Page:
2005 HSR&D National Meeting Abstract
3060 — Inpatient and Outpatient Healthcare Utilization by Veteran and Non-veteran Men with HIV Infection
Jia H (Rehabilitation Outcomes Research Center)
Uphold CR (Rehabilitation Outcomes Research Center)
Zheng Y (Rehabilitation Outcomes Research Center)
Wu SS (Rehabilitation Outcomes Research Center)
Chen GJ (Wake Forest University School of Medicine)
Duncan PW (Rehabilitation Outcomes Research Center)
The objective of this study was to compare inpatient and outpatient healthcare utilization between veteran and non-veteran men with HIV infection.
In a prospective cohort study on health outcomes in HIV-infected men, baseline and 12-month followup data were collected on 197 men with HIV infection. Data included in this study were the number of inpatient stays and outpatient visits during the last 12 months, demographic characteristics, clinical factors, and depressive symptoms (CES-D). Collinearity diagnostics were calculated to measure the degrading or harmful multicollinearity among the independent (veterans vs. non-veterans) and controlling variables (age, race, education, CD4 count, Charlson’s comorbidity, duration since HIV diagnosis, depressive symptoms, and study time point). Poisson regression with repeated measures was performed.
The sample consisted of 61% veterans and 44% non-whites with a mean age of 46 years. The means at baseline for the sample were 13 years for schooling, 426 for CD4 count, 1 for Charlson’s comorbidity after excluding AIDS diagnosis, 8 years for HIV infection duration, and 15 for CES-D. Bivariate analyses of these factors showed no significant difference between the two groups of patients (veterans vs. non-veterans) except that the veteran patients were significantly lower in CD4 count (474 vs. 350, p=0.03) than the non-veterans. Our Poisson regression showed that the veteran patients had significantly fewer inpatient stays than the non-veteran patients (-0.5737, p=0.03), and that their number of physician visits was not different from that of the non-veterans, after adjusting for the demographic, clinical, depressive, and time factors.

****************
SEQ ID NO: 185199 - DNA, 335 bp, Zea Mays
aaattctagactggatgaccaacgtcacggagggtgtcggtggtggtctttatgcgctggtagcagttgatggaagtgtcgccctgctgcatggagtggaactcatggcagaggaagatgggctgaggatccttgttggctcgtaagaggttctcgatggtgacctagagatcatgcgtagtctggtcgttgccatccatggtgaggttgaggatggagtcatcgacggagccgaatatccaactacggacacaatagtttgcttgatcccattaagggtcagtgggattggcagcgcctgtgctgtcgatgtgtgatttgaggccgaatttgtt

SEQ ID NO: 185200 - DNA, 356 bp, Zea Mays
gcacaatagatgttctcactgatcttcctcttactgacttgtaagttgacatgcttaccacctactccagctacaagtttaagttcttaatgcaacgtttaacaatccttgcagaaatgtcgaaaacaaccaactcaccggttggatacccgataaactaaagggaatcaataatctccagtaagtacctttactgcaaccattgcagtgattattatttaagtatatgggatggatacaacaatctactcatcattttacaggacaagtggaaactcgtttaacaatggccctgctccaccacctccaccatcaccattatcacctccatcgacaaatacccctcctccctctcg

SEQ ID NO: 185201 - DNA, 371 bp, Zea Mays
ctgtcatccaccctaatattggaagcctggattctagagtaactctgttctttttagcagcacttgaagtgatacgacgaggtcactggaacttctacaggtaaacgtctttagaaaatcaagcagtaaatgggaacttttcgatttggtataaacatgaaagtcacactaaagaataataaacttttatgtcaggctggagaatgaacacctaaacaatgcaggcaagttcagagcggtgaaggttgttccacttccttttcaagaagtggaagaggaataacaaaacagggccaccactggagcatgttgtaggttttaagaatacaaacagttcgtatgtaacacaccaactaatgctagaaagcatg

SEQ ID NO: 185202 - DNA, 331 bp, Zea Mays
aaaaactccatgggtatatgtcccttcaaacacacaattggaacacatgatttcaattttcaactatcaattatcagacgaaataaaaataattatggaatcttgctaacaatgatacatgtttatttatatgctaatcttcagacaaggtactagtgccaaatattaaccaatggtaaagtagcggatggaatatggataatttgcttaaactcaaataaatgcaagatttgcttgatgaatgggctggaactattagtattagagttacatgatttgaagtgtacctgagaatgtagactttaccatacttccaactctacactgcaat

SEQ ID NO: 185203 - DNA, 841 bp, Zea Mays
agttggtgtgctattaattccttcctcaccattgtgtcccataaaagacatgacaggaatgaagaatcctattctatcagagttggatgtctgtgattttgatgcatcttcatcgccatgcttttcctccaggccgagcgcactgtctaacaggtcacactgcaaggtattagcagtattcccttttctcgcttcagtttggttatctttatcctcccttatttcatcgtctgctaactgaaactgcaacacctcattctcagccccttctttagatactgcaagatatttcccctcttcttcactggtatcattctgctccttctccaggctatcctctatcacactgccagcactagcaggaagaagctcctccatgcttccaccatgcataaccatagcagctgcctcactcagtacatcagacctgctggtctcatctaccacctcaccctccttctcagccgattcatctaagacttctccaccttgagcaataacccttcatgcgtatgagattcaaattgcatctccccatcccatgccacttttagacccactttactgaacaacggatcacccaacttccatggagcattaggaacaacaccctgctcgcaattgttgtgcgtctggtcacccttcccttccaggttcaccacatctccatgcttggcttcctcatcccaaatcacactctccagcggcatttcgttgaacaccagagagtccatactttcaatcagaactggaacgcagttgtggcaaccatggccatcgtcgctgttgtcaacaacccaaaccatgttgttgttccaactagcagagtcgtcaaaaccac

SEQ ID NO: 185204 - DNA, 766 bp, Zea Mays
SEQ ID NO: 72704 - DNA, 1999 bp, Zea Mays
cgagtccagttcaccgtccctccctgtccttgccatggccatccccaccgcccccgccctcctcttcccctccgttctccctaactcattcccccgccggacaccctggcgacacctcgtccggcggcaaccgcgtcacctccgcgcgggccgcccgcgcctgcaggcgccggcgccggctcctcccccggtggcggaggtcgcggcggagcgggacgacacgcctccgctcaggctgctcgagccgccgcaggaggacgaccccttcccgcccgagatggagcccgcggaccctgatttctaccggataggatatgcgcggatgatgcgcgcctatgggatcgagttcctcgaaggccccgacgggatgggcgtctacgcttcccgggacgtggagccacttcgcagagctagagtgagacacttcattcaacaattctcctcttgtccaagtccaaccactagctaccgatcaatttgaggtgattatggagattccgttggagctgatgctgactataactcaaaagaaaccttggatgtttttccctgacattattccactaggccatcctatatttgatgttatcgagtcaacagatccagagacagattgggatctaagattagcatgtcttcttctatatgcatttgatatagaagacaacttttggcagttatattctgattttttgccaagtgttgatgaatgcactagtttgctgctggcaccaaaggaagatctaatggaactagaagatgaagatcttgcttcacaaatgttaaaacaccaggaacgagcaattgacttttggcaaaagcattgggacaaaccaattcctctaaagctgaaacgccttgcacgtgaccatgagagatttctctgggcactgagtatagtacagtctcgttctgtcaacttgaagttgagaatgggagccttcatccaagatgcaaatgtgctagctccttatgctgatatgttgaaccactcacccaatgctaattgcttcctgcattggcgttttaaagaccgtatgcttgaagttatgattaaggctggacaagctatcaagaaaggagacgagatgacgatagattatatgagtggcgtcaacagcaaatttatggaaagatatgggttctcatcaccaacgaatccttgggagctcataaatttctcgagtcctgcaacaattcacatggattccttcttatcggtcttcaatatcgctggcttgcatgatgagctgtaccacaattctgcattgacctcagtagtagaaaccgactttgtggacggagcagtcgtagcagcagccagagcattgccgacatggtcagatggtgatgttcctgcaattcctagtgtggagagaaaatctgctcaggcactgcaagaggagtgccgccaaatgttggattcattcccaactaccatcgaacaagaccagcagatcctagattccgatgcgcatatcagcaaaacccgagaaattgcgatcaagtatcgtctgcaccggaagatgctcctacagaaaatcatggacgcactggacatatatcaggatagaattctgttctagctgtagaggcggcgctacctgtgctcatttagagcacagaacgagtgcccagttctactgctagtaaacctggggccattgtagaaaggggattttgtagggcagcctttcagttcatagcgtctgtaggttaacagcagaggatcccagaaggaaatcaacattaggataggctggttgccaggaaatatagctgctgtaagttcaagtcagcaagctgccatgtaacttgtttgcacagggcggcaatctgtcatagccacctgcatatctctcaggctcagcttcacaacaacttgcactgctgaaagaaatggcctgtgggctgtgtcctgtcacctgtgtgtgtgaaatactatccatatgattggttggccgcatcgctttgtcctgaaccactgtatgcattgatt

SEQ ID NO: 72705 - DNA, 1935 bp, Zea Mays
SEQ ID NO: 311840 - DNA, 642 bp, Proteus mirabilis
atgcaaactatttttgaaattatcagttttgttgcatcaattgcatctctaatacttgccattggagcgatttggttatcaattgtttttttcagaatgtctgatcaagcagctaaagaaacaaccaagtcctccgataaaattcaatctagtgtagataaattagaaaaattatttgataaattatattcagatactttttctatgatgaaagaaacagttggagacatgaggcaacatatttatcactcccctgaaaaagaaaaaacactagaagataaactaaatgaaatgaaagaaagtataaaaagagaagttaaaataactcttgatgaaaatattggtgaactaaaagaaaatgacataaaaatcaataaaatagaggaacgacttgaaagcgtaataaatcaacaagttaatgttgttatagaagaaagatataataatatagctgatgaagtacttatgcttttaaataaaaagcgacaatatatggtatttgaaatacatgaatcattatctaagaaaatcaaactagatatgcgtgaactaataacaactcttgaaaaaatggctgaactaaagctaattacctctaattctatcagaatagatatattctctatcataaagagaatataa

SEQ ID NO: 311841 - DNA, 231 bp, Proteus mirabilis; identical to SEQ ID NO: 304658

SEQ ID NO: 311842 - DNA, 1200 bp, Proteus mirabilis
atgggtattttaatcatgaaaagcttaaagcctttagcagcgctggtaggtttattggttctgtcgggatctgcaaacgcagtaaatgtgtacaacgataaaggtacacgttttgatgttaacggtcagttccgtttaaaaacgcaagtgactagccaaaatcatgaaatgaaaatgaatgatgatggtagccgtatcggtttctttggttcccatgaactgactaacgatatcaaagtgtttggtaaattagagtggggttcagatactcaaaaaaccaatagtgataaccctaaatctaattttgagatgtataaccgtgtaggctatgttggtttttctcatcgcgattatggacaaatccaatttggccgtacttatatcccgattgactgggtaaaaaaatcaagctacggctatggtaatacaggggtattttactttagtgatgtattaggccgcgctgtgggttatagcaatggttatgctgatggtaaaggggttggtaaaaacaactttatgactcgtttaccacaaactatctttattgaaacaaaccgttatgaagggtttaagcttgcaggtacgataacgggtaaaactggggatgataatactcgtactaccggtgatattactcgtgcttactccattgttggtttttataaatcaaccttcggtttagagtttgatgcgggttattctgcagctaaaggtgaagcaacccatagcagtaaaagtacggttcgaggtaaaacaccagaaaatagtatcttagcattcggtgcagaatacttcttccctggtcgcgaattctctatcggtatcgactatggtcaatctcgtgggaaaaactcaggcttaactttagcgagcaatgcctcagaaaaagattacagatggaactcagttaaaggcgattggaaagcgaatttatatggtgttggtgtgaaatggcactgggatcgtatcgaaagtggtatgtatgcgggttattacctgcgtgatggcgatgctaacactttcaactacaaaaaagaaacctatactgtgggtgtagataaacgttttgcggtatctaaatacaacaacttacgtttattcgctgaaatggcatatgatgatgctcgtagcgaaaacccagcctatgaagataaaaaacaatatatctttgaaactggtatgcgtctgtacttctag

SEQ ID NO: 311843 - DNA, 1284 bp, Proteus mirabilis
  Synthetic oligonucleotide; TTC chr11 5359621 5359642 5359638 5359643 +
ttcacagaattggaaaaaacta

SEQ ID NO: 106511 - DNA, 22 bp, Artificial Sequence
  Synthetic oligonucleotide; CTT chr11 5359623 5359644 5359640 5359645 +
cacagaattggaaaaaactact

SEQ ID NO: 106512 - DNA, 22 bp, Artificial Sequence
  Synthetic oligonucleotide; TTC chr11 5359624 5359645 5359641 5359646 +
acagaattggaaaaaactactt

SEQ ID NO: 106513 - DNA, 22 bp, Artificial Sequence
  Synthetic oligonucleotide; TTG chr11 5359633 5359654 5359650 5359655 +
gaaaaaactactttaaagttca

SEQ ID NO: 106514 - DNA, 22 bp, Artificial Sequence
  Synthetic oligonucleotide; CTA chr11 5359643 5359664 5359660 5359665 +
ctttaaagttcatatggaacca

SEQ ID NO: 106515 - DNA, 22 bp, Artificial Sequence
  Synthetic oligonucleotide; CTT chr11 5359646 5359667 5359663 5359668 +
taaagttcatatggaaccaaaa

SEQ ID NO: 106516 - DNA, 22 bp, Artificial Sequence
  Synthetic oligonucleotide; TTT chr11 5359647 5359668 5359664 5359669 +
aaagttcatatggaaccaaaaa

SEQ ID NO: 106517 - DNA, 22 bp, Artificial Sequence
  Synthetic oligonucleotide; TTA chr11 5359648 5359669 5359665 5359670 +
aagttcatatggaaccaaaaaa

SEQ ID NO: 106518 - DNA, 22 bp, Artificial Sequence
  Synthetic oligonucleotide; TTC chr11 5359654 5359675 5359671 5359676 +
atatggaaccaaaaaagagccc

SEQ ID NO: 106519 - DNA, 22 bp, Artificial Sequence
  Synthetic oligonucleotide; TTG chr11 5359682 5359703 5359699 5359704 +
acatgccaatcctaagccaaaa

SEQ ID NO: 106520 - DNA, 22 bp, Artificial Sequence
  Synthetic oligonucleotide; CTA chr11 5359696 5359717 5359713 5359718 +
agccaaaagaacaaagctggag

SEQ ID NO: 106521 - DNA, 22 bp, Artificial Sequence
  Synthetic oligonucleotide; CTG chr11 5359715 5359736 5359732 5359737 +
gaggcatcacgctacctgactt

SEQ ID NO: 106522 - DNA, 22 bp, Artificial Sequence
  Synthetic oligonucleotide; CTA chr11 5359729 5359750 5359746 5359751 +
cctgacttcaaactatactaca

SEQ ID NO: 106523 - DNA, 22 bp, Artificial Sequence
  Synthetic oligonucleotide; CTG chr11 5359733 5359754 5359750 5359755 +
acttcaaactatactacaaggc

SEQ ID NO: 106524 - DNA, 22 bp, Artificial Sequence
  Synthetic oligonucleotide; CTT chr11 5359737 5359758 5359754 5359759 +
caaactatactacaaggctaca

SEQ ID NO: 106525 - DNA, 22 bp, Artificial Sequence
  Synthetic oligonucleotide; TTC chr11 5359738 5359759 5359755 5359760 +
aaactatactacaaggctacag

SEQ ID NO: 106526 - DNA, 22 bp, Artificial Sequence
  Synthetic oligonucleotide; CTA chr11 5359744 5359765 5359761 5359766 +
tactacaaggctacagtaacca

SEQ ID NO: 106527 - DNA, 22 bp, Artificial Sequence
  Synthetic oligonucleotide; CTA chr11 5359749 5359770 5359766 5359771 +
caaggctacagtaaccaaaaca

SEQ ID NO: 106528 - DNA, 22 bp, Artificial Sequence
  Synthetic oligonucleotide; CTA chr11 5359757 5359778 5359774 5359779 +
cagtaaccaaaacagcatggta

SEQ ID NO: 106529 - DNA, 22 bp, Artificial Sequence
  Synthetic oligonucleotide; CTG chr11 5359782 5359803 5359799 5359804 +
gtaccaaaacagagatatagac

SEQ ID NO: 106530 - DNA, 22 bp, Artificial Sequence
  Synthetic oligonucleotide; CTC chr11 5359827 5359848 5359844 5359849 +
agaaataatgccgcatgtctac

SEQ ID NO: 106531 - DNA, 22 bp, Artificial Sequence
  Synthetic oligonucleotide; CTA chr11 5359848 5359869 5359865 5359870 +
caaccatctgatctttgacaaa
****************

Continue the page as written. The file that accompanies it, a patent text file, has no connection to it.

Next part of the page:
Our findings suggest that while there was no significant difference in outpatient care utilization between the veteran and non-veteran men with HIV infection, the HIV-infected veterans used less inpatient services than the non-veteran men.
Our findings on the inpatient and outpatient healthcare utilization by veteran and non-veteran men with HIV infection can assist our program planners in developing medical service delivery for HIV-infected male veterans.